5 Things Baggage Handlers Will Not Say
Welcome to another day in my life. Today is Sunday and I hope you are having a safe and great Memorial Day weekend. I know many of you are traveling this holiday season since airfare and gas prices have slightly fallen so I wish you safe travels.
Speaking of airfare and traveling, most of you know Dab the AIDS Bear and I spend a lot of time traveling around the country making appearances and speaking at HIV and AIDS events. We also spend a lot of time going to Washington, DC. Now like a lot of people, I have had my luggage lost a few times. That is why I prefer only taking carry on luggage. But did you wonder what baggage handlers would say if you talk to them?
1. “Do not pack light — we need the money.”
These are turbulent times for the aviation industry. According to the Air Transport Association of America, passenger revenue fell 18 percent in 2009, the largest drop on record. In the past decade airlines have also been hit with extra costs related to fuel prices, security and unionization: 40 percent of air transportation workers were unionized in 2009, compared with 12 percent of the general workforce. “It is a tough, tough industry to achieve any success,” says Daniel Ortwerth, transportation analyst at Edward Jones.
So it is no surprise carriers are cutting corners. Passengers have kissed hot meals goodbye while paying for itinerary changes, frequent flier bookings and even blankets and pillows. Another hit: luggage fees. In January most major domestic carriers bumped these to $25 for the first checked bag, $35 for the second (but amounts can vary), which could generate $117 million in new revenue, according to consultancy IdeaWorks. It is a mixed bag for handlers like Shae Flores of American Airlines: Sure, fliers are checking fewer bags, but they are cramming more into them, requiring “more upper body strength,” she says.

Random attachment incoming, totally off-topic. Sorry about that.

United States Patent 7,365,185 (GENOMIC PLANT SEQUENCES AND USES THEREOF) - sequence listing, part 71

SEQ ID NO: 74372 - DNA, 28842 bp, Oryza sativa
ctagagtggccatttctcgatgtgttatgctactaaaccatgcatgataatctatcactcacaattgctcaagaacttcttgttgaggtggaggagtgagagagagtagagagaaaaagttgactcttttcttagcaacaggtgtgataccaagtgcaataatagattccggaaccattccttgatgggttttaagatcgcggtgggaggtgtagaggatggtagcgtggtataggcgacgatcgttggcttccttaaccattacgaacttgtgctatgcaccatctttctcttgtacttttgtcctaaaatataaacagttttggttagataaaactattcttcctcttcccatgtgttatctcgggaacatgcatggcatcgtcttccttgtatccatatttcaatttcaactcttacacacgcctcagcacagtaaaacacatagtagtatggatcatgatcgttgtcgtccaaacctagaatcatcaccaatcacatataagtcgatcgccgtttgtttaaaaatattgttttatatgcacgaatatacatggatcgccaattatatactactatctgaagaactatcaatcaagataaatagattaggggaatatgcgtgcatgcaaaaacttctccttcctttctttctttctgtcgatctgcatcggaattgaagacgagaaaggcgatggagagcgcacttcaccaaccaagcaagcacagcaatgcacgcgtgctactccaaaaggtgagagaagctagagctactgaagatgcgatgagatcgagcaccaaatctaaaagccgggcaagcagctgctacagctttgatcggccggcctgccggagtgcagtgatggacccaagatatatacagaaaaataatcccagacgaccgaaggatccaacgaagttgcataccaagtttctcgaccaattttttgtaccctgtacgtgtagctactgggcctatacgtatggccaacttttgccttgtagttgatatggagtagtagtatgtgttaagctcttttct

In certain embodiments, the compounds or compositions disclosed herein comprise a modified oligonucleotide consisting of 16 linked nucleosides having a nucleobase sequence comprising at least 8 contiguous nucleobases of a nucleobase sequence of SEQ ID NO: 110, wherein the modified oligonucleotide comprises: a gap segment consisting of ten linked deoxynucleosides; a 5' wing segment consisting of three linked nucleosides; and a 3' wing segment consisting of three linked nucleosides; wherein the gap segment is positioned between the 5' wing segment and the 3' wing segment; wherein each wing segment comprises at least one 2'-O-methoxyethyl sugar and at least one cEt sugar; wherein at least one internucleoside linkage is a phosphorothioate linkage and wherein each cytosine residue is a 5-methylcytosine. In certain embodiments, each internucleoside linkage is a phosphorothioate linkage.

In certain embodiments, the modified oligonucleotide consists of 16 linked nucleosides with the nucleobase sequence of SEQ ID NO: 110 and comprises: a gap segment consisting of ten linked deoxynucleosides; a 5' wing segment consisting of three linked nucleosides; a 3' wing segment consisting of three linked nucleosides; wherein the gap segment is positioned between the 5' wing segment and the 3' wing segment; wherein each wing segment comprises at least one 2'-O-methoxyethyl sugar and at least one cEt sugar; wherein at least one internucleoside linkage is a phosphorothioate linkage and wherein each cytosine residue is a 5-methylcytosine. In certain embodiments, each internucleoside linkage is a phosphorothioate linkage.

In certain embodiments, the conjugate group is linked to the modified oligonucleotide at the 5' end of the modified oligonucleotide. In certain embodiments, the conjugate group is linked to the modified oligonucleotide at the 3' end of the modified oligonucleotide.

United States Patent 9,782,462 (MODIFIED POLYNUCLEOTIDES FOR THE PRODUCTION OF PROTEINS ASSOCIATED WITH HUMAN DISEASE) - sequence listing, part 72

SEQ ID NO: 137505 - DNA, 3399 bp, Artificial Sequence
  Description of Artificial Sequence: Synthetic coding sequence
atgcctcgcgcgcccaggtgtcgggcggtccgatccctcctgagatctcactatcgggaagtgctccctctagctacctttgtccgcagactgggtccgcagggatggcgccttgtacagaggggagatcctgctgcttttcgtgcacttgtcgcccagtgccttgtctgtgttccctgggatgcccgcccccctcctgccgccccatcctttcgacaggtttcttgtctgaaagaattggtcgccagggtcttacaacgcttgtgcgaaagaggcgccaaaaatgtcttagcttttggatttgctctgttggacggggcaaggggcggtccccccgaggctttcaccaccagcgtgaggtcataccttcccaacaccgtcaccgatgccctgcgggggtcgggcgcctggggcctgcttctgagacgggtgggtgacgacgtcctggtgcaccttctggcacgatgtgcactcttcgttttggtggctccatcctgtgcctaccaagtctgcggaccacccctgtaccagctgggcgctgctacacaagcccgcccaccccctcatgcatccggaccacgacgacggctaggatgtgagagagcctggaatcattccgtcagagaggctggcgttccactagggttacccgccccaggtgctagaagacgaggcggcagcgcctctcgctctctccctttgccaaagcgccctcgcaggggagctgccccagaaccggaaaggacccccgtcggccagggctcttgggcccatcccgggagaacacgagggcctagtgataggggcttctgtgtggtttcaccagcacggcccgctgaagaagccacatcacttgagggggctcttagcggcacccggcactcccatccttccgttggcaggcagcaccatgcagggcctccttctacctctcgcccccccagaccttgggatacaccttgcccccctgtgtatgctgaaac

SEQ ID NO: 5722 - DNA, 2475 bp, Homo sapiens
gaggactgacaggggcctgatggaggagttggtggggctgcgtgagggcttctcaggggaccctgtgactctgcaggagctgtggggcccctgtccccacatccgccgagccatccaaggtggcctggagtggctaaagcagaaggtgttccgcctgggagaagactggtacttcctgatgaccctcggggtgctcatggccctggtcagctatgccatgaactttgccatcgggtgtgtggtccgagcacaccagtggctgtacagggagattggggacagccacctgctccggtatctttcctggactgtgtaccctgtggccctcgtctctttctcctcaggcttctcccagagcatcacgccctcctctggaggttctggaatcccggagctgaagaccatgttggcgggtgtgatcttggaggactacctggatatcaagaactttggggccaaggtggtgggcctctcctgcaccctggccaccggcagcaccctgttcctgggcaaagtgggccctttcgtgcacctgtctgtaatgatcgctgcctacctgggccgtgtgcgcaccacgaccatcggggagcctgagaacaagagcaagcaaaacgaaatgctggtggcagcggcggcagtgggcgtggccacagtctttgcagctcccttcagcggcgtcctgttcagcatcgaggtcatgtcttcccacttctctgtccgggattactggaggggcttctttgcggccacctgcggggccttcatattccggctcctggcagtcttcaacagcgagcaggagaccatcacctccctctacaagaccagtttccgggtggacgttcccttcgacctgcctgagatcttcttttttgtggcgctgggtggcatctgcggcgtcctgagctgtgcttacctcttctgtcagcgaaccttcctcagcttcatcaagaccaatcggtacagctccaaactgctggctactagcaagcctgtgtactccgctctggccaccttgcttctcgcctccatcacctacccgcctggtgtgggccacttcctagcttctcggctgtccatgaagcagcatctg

2. “We are losing fewer bags because there are fewer to lose.”
It is true, fewer bags are getting lost in transit these days: There were 3.91 “mishandled” (lost, stolen, damaged or delayed) bags per 1,000 passengers in 2009, compared with 5.26 in 2008 and 7.05 in 2007, according to the Department of Transportation. But baggage handlers should not pat themselves on the back. Catherine Mayer, VP at travel tech firm SITA, says the DOT undercounts errors by excluding reports from passengers with an international leg in their flight. (The DOT agrees, saying airlines are required to file mishandled baggage reports only for domestic trips.) What is more, industry experts attribute the downward trend to the fact that there is less luggage to lose; US Airways, for one, says it has seen a 20 percent drop in first checked bag volume.
Mayer says the vast majority of lost bags are reunited with owners within 48 hours. But when they are not, airlines sell off unidentifiable bags to defray the cost of insuring lost luggage claims. Final stop: the Unclaimed
Baggage Center in Scottsboro, Ala., a 40,000 square foot store that peddles their contents as “lost treasures from around the world.”
3. “Some of us have sticky fingers.”
Last June, Sekita Ekrek, a New York based entertainment consultant, flew to Chicago to visit family. Upon arrival at her sister’s place, she says, she went for her camera, which she would put in a checked bag before the flight, but it was gone. Upset, she decided to file a claim against the carrier, American Airlines. But by the time she got home and found the original model number, it was too late; the airline’s 30 day window had passed. “They said, ‘That is our policy, end of story,’” says Ekrek. (A spokesperson for American Airlines says that camera equipment is excluded from the policy because of liability limitations.)